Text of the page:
The Class: http://www.youtube.com/watch?v=6svk_R_rVhA This spoof of “The Office” was done by Lynn Schofield Clark’s Innovation in Mass Communications class at the University of Denver. It’s an interesting way to highlight the disparity between teachers and students regarding technology in the classroom.
Slide Six http://slidesix.com is an easy to use free resource for enhanced podcasting or slide shows. We have DPS librarians using it with success.
Issuu.com http://issuu.com/ Looking for a fun way to view your .pdf files? This site allows you to view .pdf files and to flip the pages like a book.
From FreeTech4Teachers: http://www.freetech4teachers.com/2010/02/textbooks-wikipedia-and-primary-source.html This post talks about a lesson plan comparing wikipedia, online encyclopedias, and primary sources for research. It offers the lesson outline and commentary on how the lesson went. This could be a great lesson plan to modify for your own needs.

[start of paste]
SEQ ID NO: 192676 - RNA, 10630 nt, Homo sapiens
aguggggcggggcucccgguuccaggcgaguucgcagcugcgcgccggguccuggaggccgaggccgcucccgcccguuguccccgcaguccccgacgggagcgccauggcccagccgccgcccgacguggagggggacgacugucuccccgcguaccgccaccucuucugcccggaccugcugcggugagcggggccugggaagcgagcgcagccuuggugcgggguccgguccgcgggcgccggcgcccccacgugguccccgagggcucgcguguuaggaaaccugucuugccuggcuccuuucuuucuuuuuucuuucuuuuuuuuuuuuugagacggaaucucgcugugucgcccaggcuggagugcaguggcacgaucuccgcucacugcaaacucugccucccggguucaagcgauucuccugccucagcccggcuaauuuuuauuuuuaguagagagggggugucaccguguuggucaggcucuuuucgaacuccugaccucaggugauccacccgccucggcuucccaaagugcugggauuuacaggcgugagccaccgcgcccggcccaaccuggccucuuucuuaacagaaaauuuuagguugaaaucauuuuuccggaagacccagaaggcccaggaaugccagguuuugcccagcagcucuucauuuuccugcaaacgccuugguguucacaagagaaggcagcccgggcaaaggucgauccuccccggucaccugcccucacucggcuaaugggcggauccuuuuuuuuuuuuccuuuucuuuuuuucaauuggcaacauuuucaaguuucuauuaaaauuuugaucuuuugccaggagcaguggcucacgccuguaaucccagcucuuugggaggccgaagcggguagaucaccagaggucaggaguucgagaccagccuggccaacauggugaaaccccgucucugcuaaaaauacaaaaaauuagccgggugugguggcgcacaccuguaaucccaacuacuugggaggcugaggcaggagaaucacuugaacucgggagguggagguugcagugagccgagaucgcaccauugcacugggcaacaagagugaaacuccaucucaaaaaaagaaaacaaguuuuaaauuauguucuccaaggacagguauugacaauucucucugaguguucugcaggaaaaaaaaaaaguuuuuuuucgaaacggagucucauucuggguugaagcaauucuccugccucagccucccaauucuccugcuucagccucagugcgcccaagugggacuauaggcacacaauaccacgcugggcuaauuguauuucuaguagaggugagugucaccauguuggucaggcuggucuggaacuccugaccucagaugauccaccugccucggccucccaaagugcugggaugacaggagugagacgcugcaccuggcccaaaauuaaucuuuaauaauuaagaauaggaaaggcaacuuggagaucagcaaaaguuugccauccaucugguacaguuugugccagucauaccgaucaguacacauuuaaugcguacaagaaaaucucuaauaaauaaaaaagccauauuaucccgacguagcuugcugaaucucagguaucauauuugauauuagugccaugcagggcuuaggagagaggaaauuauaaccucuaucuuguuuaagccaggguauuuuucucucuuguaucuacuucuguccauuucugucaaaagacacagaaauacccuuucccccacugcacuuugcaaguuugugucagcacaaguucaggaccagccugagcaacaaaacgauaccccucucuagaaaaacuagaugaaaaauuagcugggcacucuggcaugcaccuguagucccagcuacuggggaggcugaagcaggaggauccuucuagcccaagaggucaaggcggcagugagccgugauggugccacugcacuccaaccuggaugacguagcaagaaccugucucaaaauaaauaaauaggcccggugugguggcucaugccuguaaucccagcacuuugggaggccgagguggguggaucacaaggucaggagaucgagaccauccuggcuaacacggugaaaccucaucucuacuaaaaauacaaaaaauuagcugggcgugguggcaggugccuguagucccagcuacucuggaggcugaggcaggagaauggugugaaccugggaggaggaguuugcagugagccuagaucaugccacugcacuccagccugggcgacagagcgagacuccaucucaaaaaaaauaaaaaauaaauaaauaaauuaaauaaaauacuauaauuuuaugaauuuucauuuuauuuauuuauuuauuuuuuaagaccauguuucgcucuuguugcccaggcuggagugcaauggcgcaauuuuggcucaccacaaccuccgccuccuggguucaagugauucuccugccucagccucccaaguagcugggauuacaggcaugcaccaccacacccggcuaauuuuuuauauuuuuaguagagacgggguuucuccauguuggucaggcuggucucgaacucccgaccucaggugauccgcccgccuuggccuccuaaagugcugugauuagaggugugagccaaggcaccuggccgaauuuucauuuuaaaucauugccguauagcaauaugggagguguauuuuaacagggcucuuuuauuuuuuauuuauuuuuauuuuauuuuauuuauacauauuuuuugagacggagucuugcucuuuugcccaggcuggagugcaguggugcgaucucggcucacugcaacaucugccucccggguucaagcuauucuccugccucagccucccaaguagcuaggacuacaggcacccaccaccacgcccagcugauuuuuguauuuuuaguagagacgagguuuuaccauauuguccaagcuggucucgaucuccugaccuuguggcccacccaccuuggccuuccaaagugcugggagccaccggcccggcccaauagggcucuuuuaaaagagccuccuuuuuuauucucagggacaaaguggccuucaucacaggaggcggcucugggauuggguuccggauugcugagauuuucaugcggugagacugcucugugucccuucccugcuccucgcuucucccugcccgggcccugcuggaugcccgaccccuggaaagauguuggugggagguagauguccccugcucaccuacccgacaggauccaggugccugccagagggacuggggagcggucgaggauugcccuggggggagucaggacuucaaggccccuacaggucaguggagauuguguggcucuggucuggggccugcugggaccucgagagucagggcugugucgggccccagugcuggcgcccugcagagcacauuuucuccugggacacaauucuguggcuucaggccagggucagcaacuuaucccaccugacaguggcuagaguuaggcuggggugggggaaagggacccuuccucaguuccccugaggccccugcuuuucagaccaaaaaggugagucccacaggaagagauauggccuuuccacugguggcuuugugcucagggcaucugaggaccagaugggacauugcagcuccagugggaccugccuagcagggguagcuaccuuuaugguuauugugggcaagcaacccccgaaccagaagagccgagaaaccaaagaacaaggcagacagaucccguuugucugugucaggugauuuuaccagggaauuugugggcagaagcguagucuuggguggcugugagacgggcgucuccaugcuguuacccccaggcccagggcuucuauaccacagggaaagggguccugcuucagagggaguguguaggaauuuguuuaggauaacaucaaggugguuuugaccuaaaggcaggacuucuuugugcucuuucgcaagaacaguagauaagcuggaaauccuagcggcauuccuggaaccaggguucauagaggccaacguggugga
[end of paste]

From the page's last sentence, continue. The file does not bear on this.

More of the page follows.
Doodle: http://doodle.com/ If you haven’t yet discoverd this handy tool, it’s time to rejoice. Doodle allows you to set up a brief survey to which you can invite others. It’s extremely handy for scheduling meetings. Rather than emailing ten people multiple times, use doodle to set up a survey, have everyone choose their best day/time, and then send out one email to confirm. It’s great.
On Larry Ferlazzo’s Websites for the day, I found his post: “The best Online Interactive Exercises for Writing that are are not Related to Literary Analysis. Boy is this a treasure trove. There are sites about citation, research, writing for an authentic audience, researching and writing biographies, and many, many, many more.